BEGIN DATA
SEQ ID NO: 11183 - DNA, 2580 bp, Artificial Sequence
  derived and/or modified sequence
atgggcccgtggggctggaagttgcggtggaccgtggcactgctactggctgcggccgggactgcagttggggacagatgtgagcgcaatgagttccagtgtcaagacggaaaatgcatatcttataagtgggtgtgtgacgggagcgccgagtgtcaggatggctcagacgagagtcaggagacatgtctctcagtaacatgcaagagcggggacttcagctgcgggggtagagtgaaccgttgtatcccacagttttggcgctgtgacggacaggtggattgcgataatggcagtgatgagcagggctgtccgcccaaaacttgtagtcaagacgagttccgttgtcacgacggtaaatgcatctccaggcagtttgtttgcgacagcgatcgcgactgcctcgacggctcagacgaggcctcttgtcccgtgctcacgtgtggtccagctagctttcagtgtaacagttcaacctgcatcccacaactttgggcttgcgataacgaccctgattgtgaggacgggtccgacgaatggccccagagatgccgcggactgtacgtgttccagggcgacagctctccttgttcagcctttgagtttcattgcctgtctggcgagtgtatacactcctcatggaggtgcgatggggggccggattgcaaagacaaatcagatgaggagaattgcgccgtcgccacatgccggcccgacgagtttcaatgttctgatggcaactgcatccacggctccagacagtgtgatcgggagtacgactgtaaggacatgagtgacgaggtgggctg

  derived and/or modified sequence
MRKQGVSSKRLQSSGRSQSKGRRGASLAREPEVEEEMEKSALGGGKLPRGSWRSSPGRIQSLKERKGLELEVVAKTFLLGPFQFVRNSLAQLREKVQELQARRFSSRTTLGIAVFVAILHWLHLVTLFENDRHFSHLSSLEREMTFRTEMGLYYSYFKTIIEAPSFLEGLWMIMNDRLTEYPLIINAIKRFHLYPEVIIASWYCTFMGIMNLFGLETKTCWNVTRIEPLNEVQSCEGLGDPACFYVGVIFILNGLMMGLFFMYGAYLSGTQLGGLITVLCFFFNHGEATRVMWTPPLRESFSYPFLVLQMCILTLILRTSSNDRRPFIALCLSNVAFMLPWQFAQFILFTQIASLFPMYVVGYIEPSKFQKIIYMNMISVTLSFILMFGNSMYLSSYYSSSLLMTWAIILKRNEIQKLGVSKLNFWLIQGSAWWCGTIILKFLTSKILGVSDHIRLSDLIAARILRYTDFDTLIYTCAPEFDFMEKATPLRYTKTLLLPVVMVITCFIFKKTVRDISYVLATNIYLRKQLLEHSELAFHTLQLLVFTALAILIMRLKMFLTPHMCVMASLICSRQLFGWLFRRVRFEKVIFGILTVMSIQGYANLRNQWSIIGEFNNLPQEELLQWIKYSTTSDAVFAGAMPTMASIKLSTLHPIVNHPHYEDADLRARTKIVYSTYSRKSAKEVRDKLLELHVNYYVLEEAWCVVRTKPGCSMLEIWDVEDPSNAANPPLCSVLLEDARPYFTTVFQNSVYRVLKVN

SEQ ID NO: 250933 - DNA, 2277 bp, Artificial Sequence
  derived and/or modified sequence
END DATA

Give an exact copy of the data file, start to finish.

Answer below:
SEQ ID NO: 11183 - DNA, 2580 bp, Artificial Sequence
  derived and/or modified sequence
atgggcccgtggggctggaagttgcggtggaccgtggcactgctactggctgcggccgggactgcagttggggacagatgtgagcgcaatgagttccagtgtcaagacggaaaatgcatatcttataagtgggtgtgtgacgggagcgccgagtgtcaggatggctcagacgagagtcaggagacatgtctctcagtaacatgcaagagcggggacttcagctgcgggggtagagtgaaccgttgtatcccacagttttggcgctgtgacggacaggtggattgcgataatggcagtgatgagcagggctgtccgcccaaaacttgtagtcaagacgagttccgttgtcacgacggtaaatgcatctccaggcagtttgtttgcgacagcgatcgcgactgcctcgacggctcagacgaggcctcttgtcccgtgctcacgtgtggtccagctagctttcagtgtaacagttcaacctgcatcccacaactttgggcttgcgataacgaccctgattgtgaggacgggtccgacgaatggccccagagatgccgcggactgtacgtgttccagggcgacagctctccttgttcagcctttgagtttcattgcctgtctggcgagtgtatacactcctcatggaggtgcgatggggggccggattgcaaagacaaatcagatgaggagaattgcgccgtcgccacatgccggcccgacgagtttcaatgttctgatggcaactgcatccacggctccagacagtgtgatcgggagtacgactgtaaggacatgagtgacgaggtgggctg

  derived and/or modified sequence
MRKQGVSSKRLQSSGRSQSKGRRGASLAREPEVEEEMEKSALGGGKLPRGSWRSSPGRIQSLKERKGLELEVVAKTFLLGPFQFVRNSLAQLREKVQELQARRFSSRTTLGIAVFVAILHWLHLVTLFENDRHFSHLSSLEREMTFRTEMGLYYSYFKTIIEAPSFLEGLWMIMNDRLTEYPLIINAIKRFHLYPEVIIASWYCTFMGIMNLFGLETKTCWNVTRIEPLNEVQSCEGLGDPACFYVGVIFILNGLMMGLFFMYGAYLSGTQLGGLITVLCFFFNHGEATRVMWTPPLRESFSYPFLVLQMCILTLILRTSSNDRRPFIALCLSNVAFMLPWQFAQFILFTQIASLFPMYVVGYIEPSKFQKIIYMNMISVTLSFILMFGNSMYLSSYYSSSLLMTWAIILKRNEIQKLGVSKLNFWLIQGSAWWCGTIILKFLTSKILGVSDHIRLSDLIAARILRYTDFDTLIYTCAPEFDFMEKATPLRYTKTLLLPVVMVITCFIFKKTVRDISYVLATNIYLRKQLLEHSELAFHTLQLLVFTALAILIMRLKMFLTPHMCVMASLICSRQLFGWLFRRVRFEKVIFGILTVMSIQGYANLRNQWSIIGEFNNLPQEELLQWIKYSTTSDAVFAGAMPTMASIKLSTLHPIVNHPHYEDADLRARTKIVYSTYSRKSAKEVRDKLLELHVNYYVLEEAWCVVRTKPGCSMLEIWDVEDPSNAANPPLCSVLLEDARPYFTTVFQNSVYRVLKVN

SEQ ID NO: 250933 - DNA, 2277 bp, Artificial Sequence
  derived and/or modified sequence